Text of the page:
In the second half of the article, you’ll find a brief example of how to use each of these tools in practice.

Looking for skilled reverse engineering developers?

Whether you need to reverse undocumented functions, research your solution`s feasibility, or address any other blockers — Apriorit’s experts are ready to help.

9 best reverse engineering applications

It’s hard to name the best software for reverse engineering – there are quite a few of them, and each resolves a specific task in the multistep reversing process. Below, we overview the nine main tools used for reverse engineering by Apriorit researchers:

  1. IDA Pro, Hex Rays
  2. CFF Explorer
  3. API Monitor
  4. WinHex
  5. Hiew
  6. Fiddler
  7. Scylla
  8. Relocation Section Editor
  9. PEiD

Let’s get started.

1. IDA Pro, Hex Rays

IDA Pro is one of the best tools for reverse engineering. It’s an interactive disassembler that has a built-in command language (IDC) and supports a number of executable formats for various processors and operating systems. IDA Pro also has a great number of plugins that can extend the disassembler’s functionality even further.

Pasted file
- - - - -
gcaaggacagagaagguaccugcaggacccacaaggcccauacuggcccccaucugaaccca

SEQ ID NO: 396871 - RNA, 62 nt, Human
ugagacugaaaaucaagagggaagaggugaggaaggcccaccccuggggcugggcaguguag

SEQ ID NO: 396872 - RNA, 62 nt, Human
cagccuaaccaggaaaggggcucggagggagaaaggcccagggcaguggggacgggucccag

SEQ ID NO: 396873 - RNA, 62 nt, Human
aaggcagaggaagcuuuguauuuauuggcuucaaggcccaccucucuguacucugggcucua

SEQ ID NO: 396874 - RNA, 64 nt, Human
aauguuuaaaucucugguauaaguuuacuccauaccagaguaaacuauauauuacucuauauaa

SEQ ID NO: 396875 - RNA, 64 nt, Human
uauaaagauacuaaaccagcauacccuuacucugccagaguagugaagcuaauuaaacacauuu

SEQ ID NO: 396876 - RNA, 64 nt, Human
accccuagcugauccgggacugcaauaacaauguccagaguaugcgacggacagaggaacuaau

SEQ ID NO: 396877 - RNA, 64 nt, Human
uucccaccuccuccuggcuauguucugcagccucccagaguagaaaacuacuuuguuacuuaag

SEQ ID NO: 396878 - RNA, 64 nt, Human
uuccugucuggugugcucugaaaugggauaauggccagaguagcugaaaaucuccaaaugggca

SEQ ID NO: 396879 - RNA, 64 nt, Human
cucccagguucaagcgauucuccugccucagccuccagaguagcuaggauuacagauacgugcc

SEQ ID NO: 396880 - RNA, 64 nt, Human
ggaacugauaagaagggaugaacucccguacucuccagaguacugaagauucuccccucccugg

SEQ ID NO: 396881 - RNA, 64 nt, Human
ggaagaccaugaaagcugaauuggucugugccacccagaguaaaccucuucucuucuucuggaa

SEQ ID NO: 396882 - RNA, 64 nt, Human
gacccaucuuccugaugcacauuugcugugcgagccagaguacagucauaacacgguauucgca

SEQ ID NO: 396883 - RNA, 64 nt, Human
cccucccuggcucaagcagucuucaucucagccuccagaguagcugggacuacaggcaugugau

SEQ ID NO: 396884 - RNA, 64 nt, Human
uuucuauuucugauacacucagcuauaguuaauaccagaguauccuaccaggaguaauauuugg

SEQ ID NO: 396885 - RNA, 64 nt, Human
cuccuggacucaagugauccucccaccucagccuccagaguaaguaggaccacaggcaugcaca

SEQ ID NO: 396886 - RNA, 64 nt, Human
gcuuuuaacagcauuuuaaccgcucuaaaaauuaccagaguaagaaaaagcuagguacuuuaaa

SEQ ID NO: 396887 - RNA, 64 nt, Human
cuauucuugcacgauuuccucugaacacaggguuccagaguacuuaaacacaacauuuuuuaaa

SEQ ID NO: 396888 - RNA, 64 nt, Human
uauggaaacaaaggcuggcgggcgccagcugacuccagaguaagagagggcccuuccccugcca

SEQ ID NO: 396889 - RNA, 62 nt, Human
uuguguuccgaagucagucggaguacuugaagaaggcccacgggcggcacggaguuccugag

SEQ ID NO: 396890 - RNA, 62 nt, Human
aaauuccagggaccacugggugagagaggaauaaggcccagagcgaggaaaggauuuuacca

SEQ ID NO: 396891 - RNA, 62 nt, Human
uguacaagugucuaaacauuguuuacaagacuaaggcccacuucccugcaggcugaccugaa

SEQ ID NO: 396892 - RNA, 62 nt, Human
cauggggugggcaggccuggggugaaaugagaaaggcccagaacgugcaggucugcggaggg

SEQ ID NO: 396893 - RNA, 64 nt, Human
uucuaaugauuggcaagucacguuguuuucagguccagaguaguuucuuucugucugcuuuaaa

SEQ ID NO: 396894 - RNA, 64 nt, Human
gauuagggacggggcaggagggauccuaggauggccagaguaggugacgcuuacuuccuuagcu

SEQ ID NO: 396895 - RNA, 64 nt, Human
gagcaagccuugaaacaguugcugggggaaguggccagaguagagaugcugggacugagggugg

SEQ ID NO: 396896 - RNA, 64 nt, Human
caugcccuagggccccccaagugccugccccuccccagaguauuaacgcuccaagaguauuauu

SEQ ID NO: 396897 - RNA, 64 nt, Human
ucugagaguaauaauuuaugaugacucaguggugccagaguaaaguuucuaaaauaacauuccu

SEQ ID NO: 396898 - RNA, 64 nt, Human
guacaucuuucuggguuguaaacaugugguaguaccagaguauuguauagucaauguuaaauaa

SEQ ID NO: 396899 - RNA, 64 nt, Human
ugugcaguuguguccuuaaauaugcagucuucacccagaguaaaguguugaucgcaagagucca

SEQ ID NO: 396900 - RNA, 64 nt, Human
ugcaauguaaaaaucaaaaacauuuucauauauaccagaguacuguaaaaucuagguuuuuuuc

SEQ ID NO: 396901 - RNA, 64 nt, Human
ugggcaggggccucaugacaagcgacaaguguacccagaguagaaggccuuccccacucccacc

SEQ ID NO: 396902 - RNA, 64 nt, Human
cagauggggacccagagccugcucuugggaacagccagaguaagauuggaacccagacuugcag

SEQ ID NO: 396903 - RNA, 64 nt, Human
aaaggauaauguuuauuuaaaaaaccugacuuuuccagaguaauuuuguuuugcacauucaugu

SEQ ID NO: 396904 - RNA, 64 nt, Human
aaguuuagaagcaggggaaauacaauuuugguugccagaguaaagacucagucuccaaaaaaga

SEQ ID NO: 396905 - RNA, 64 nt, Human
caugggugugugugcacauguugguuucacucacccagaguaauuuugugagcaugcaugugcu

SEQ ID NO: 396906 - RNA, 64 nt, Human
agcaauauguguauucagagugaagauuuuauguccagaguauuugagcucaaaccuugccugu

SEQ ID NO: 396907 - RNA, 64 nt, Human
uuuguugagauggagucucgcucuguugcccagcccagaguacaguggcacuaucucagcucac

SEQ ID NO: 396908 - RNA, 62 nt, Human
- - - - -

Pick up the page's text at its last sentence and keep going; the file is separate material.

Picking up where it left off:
The main advantage of IDA Pro is that it allows you to interactively change any element of the displayed data:

  • Give names to functions, variables, data structures, etc.
  • Change data representation (as numbers, strings in various encodings, data structures)
  • Build diagrams and code flow graphs to simplify the understanding of disassembled code
  • Use type information about function arguments and structure definitions from C++ so that arguments and variables are automatically named